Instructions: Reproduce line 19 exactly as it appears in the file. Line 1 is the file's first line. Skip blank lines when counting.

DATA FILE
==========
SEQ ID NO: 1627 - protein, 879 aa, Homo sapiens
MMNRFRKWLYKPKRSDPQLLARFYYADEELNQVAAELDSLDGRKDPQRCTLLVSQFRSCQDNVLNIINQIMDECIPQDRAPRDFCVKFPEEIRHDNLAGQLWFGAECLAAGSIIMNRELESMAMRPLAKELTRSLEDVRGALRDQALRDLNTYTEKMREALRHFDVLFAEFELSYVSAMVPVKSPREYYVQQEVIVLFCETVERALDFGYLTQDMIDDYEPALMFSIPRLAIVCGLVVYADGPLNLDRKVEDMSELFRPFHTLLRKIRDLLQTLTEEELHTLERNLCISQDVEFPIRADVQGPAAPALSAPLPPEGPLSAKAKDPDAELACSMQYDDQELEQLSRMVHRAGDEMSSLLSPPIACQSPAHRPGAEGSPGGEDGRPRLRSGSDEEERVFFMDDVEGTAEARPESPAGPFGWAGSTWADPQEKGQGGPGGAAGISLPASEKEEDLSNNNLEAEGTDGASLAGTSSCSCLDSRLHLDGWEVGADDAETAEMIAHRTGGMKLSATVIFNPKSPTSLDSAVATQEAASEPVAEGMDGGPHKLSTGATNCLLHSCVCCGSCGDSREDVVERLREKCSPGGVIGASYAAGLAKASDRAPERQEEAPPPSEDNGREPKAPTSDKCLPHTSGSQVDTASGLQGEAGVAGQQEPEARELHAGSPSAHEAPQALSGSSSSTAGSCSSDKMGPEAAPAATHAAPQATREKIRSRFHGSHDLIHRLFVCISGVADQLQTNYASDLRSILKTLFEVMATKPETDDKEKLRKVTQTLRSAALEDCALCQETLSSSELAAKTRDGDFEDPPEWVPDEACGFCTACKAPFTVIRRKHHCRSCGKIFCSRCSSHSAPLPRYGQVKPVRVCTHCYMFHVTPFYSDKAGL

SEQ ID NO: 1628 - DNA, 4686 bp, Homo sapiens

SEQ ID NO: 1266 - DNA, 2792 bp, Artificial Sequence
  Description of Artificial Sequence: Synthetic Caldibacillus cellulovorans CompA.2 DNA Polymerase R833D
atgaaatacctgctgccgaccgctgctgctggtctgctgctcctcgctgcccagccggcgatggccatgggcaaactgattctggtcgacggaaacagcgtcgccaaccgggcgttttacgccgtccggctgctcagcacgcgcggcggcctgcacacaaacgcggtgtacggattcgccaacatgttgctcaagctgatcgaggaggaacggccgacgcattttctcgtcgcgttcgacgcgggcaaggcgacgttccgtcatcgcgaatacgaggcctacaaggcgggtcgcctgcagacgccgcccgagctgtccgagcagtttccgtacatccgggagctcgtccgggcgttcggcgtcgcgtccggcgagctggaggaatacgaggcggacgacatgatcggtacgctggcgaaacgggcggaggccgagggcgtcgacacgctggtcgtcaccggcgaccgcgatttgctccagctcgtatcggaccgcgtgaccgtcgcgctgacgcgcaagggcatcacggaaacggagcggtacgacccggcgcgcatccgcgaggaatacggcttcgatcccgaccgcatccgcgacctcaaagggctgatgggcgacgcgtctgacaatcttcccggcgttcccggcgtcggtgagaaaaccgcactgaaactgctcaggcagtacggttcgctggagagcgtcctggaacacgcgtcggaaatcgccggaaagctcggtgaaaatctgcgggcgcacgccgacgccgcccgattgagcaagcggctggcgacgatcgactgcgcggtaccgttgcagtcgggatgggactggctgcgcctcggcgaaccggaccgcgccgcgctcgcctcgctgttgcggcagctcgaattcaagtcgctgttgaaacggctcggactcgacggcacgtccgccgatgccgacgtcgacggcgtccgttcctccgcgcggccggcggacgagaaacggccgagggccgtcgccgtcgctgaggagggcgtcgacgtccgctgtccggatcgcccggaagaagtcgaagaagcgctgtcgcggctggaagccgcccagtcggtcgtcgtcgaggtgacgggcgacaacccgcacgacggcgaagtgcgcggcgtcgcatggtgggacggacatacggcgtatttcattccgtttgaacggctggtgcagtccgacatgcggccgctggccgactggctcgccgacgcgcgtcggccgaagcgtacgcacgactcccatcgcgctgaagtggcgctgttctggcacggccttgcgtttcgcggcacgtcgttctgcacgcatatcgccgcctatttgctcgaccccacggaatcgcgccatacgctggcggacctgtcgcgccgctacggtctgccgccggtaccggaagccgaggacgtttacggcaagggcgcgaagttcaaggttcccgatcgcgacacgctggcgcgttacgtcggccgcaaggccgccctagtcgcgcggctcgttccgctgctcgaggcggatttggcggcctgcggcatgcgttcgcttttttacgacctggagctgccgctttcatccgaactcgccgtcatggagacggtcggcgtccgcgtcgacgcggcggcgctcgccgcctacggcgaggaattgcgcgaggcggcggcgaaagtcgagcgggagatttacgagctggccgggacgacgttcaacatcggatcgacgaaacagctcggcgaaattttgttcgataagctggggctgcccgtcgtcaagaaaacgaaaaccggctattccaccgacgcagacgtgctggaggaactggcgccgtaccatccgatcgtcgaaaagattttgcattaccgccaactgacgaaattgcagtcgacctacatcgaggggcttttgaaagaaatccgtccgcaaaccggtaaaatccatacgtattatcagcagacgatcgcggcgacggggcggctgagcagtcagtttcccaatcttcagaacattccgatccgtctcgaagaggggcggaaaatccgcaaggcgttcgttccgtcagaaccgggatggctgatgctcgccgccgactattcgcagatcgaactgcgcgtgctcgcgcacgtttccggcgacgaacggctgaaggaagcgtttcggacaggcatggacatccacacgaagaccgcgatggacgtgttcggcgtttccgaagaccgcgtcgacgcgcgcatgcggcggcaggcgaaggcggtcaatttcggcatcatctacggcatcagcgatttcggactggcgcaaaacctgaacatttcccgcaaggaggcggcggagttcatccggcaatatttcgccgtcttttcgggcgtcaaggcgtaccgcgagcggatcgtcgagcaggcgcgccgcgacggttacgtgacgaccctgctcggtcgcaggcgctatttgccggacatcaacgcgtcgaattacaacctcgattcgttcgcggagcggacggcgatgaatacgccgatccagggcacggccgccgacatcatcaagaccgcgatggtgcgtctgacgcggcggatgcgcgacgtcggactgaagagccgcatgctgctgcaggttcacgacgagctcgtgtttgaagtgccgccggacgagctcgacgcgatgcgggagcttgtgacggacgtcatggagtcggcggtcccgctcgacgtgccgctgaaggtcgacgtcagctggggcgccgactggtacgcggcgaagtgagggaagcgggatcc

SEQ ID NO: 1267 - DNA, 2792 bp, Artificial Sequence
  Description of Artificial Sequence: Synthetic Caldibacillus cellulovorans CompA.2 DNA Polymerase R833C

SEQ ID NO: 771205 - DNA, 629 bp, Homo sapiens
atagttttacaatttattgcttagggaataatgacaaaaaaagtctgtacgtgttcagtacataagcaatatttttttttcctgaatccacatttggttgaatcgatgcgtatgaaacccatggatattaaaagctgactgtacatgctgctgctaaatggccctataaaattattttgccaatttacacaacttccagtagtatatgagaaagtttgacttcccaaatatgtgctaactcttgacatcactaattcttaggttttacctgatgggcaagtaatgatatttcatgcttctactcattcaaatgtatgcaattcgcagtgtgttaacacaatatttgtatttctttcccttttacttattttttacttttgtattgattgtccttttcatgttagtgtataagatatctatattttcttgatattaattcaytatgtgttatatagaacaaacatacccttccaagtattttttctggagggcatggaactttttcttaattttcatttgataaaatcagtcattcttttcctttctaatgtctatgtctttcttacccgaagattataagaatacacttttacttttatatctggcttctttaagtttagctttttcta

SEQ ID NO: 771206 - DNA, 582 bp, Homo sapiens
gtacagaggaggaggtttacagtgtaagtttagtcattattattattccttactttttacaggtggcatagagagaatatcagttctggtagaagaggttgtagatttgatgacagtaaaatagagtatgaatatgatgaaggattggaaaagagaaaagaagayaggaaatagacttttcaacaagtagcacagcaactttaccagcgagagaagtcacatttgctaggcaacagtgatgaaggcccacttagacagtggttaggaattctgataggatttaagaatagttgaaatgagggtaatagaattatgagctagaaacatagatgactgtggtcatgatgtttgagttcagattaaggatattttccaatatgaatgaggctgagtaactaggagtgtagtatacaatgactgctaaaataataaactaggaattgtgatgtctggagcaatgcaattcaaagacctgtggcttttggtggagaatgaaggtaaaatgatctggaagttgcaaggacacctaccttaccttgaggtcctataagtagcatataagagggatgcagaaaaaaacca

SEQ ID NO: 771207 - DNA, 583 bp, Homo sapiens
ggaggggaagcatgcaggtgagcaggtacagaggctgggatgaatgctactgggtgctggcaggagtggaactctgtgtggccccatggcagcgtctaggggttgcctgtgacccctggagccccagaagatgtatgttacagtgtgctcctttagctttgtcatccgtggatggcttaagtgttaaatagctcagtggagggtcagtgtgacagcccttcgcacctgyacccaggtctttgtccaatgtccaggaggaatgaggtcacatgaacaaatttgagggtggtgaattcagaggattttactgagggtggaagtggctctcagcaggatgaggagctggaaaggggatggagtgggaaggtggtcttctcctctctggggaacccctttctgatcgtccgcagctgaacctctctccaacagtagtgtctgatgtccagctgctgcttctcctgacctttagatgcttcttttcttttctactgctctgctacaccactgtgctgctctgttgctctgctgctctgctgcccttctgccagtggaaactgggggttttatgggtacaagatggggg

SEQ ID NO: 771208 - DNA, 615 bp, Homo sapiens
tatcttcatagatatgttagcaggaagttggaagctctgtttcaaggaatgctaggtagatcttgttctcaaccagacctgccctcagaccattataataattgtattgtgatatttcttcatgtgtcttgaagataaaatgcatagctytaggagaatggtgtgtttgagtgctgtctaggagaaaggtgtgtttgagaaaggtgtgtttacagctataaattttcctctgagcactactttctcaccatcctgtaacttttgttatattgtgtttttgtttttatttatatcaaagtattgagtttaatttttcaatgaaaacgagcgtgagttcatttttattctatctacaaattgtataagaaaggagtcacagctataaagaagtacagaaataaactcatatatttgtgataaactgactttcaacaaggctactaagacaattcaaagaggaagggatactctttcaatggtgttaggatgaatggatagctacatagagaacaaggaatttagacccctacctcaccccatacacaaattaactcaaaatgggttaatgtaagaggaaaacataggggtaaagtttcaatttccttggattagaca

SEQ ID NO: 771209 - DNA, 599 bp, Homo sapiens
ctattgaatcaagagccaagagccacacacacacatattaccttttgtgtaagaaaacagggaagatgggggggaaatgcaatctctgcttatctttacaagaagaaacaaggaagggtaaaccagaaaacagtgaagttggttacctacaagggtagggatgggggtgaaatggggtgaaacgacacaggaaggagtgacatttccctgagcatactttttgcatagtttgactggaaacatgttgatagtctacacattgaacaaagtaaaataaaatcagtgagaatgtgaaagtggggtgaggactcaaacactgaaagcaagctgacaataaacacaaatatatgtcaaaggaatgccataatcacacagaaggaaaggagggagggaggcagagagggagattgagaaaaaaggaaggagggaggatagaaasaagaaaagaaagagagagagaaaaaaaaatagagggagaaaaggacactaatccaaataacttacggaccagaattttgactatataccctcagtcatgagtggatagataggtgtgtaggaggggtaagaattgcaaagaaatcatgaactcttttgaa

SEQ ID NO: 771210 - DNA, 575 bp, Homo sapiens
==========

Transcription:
SEQ ID NO: 771210 - DNA, 575 bp, Homo sapiens